The BB ALERT« products are not complicated and have been designed for use by:
PEST MANAGEMENT PROFESSIONAL?

Pest management professionals to confirm Bed Bug activity prior to treatment and to verify treatment effectiveness as well as provide on-going service contracts and contractual revenue.

HOME OWNER?
Home owners; to detect the presence of Bed Bugs.
RESPONSIBILITY?
Owners and managers in the health, hospitality and similar industries who hold responsibility for the well being of their clients.
ANXIETY?
Whether you are an anxious home -owner, an industry professional, a pest control specialist or just intrigued by the Bed Bug "plague" that is engulfing the world, we hope that you will find something of interest and value in this site.

Why have Bed Bugs got so much worse in recent years?

There are a number of potential reasons for the recent increase in Bed Bug populations:

The banning of pesticides such as DDT

When pesticide products such as DDT (the organochlorines) were introduced into widespread use in the late 1940s they were found to be remarkably effective against Bed Bugs (among other pests), partly due to their exceptionally long insecticidal activity. Their efficacy practically eliminated Bed Bugs as a serious pest in North America and Western Europe. Unfortunately, that same longevity was found to cause these products to build up within the environment, and this extended persistence resulted in their withdrawal from use in the 1980s.

Pesticide resistance

Pesticide tolerance and resistance had been found in Bed Bug populations even before the withdrawal of the organochlorine pesticides. With continued use of the limited set of available pesticides this resistance has become much more widespread, and the number of pesticides tolerated to at least some degree by Bed Bugs has significantly increased.

Targeted pest control

Increased environmental awareness has made professional pest control applicators change their procedures. Application of pesticides is now more tightly targeted, pesticides applied less frequently, and the pesticide products and formulations used are better focused on the target pests. In almost all cases, these have not included Bed Bugs.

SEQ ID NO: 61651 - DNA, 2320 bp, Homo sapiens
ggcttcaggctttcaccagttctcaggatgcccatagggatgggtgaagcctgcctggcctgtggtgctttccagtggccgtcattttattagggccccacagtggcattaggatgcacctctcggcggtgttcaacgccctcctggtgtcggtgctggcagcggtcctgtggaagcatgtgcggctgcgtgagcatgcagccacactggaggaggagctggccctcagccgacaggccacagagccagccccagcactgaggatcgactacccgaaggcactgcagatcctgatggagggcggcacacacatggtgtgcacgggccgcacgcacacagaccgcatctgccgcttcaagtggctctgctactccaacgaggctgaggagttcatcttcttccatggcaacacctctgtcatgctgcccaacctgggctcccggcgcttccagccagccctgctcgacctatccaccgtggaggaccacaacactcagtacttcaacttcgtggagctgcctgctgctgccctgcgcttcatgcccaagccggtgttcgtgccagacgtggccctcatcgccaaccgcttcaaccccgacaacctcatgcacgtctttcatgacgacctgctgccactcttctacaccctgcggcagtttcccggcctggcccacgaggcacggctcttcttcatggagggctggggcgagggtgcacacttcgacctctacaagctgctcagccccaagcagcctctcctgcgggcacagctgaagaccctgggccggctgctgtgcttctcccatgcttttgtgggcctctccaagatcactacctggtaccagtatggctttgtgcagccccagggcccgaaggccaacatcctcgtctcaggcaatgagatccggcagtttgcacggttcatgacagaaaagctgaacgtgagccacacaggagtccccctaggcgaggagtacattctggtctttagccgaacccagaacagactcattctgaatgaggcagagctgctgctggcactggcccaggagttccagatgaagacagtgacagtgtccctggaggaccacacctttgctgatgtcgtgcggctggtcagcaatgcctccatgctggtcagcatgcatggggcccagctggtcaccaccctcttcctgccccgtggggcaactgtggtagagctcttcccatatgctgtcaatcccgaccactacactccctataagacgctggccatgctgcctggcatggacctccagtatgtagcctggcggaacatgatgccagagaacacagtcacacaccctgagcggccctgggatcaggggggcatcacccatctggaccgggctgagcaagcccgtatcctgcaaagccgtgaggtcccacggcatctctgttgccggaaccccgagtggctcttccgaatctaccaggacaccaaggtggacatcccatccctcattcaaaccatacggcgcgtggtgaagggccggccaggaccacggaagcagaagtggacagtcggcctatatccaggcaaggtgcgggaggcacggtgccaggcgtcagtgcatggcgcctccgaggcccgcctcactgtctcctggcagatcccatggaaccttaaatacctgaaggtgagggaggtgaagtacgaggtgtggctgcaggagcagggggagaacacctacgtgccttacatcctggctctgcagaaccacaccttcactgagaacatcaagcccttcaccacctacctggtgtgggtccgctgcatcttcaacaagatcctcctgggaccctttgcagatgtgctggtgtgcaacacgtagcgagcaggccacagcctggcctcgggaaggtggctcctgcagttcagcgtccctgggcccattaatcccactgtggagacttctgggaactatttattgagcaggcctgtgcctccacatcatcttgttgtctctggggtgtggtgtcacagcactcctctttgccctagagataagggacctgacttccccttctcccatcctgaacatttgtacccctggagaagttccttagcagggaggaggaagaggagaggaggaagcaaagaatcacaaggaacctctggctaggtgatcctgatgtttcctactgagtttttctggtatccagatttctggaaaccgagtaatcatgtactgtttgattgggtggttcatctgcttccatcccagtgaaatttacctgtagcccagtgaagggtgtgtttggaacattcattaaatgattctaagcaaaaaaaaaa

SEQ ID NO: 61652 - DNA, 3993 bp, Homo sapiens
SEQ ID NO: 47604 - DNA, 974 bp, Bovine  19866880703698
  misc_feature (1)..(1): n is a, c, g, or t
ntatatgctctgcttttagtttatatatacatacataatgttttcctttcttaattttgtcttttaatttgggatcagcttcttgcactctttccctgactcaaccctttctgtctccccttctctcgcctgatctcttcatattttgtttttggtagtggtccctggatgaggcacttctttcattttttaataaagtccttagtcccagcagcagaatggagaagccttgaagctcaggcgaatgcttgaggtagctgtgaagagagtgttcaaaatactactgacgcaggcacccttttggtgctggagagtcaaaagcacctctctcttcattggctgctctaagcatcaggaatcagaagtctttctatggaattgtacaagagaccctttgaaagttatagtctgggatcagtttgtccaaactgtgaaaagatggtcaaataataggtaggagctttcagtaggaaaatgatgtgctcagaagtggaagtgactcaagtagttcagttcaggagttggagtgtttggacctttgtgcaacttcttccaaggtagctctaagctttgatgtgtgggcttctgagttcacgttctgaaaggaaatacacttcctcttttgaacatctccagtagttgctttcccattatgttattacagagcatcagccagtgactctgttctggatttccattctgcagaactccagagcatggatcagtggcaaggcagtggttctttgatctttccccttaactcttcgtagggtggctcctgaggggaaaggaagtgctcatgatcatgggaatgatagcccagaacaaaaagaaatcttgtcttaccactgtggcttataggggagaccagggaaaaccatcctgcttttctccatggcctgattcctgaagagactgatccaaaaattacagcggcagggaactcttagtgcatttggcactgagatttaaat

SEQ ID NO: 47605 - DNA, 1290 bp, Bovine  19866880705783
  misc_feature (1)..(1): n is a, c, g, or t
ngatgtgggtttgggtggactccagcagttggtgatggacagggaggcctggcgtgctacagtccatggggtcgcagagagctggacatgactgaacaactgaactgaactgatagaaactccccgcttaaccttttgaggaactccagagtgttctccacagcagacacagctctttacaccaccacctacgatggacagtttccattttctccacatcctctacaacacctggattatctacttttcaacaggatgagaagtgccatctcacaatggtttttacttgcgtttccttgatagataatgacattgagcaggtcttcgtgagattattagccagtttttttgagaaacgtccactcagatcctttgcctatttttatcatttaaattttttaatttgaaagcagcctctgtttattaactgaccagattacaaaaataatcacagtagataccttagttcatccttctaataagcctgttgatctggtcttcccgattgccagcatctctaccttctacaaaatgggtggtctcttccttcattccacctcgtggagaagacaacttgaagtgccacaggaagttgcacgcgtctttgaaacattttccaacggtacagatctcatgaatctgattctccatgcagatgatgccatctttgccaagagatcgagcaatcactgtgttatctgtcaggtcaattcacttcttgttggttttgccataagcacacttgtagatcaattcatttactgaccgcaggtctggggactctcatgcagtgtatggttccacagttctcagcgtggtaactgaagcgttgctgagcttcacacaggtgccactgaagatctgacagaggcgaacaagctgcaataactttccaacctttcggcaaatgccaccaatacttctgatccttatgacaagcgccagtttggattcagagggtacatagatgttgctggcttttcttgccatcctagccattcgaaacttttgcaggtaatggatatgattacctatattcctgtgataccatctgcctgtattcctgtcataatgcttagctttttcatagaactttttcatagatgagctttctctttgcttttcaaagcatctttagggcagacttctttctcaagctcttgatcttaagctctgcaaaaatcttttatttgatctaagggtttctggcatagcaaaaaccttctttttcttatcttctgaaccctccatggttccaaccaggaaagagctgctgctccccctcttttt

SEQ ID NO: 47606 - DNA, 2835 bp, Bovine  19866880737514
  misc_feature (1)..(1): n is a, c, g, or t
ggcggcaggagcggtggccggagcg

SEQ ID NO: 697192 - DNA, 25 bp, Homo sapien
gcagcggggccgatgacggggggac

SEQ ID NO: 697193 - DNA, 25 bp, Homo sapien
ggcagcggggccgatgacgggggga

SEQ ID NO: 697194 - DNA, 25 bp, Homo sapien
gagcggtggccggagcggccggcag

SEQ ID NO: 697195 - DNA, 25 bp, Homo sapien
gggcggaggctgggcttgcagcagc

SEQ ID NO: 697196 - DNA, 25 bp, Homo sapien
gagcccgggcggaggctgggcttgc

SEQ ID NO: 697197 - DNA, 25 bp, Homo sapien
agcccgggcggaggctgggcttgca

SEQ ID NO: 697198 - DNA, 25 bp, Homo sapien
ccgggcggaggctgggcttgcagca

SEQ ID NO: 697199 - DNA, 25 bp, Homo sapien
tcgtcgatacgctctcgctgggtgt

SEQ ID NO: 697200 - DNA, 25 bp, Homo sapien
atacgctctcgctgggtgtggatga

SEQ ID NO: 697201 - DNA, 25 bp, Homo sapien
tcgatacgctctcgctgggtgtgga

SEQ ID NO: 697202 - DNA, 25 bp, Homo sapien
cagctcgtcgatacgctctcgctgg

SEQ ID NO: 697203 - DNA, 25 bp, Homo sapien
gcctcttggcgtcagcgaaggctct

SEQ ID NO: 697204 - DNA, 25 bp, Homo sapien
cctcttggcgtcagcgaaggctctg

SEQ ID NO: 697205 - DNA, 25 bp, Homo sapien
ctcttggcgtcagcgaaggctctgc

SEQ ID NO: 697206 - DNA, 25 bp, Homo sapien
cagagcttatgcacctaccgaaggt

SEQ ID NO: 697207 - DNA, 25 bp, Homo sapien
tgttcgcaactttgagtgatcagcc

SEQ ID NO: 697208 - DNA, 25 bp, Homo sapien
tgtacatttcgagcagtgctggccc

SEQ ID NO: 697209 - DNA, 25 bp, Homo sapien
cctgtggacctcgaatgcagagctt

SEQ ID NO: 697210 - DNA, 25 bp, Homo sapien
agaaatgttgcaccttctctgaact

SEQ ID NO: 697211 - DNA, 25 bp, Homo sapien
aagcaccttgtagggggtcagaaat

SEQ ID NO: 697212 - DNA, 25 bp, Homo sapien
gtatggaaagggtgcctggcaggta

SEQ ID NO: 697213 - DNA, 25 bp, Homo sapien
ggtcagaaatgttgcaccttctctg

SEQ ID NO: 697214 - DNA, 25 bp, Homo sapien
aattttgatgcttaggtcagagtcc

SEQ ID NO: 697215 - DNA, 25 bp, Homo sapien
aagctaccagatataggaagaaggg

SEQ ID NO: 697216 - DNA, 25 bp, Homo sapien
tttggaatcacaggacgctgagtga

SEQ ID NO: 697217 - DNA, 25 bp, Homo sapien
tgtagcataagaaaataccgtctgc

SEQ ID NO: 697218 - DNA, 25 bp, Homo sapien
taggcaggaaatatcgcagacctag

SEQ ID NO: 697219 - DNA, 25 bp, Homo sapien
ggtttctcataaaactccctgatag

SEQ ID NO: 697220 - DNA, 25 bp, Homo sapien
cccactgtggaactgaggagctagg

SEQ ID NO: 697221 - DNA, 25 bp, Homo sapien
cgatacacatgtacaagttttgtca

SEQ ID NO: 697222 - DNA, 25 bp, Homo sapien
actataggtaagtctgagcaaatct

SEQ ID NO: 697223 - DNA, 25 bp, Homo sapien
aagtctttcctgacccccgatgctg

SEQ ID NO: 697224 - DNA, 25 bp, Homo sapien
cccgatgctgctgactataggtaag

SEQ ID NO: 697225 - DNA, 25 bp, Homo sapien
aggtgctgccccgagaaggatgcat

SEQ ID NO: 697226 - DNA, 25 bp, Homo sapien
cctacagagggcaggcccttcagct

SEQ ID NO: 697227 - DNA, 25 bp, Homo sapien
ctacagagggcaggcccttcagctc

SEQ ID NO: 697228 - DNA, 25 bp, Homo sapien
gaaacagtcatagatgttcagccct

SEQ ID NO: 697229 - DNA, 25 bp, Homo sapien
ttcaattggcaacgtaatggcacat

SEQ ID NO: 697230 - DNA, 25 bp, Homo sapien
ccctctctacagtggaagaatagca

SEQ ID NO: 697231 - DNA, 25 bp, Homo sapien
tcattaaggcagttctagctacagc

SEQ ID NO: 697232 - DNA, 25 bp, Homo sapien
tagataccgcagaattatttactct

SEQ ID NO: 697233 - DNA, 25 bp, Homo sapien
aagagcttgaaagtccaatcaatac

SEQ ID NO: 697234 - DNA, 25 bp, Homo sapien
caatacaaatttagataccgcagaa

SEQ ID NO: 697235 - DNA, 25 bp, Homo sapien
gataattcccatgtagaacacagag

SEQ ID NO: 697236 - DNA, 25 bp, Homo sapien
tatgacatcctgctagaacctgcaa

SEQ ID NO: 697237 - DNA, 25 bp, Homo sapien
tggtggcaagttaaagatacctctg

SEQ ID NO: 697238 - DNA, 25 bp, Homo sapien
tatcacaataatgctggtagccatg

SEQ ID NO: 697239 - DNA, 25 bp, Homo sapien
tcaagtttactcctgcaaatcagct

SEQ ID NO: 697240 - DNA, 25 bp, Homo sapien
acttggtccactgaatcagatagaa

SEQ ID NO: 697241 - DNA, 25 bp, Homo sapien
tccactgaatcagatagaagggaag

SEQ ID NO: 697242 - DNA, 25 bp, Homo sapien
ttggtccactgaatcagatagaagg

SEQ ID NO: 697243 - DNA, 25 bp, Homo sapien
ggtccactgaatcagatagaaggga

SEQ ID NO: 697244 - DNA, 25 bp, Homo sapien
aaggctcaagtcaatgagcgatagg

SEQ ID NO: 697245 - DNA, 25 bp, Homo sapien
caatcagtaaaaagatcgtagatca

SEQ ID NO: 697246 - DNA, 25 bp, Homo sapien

Increased travel and mobility

Global travel has become commonplace, both in business and for recreation. The Bed Bug's natural behavior makes it easy to transport - after feeding in the quiet hours of the night it actively seeks a protected crack or crevice in which to rest while it digests its meal. If that resting place is in luggage or other personal effects, then the insects will be accidentally transported with them, effectively hitching a ride with anyone who visits an infested structure. This process need not include great distances or even air travel, and may occur locally - for example, from home to office and back - and can include public transport such as trains and buses. This, when coupled with the other factors, has provided the Bed Bug with the opportunity to re-establish itself.

Whatever the reason, or combination of reasons, the Bed Bug problem is not showing any signs of getting smaller, and currently seems to have the potential to become much worse.

Because of the intimate association between Bed Bugs and us (their hosts), any remedial program must exercise caution when implementing chemical control procedures to eliminate these pests. In many cases the primary treatment areas will include surfaces and items that are regularly in close contact with people, which severely limits both the materials available and the application methods used. A thorough understanding of Bed Bug biology and behavior is just the first step, with intelligent and thorough use of all the available control tools being the real key to eliminating an existing problem. To achieve long term control, early detection and identification of Bed Bug activity is paramount, and can significantly reduce both the manpower requirements and the level of chemical application needed.

Visit the Shop for more information on the Bed Bug control tools available from MidMos Solutions.

Read more about Bed Bug biology.
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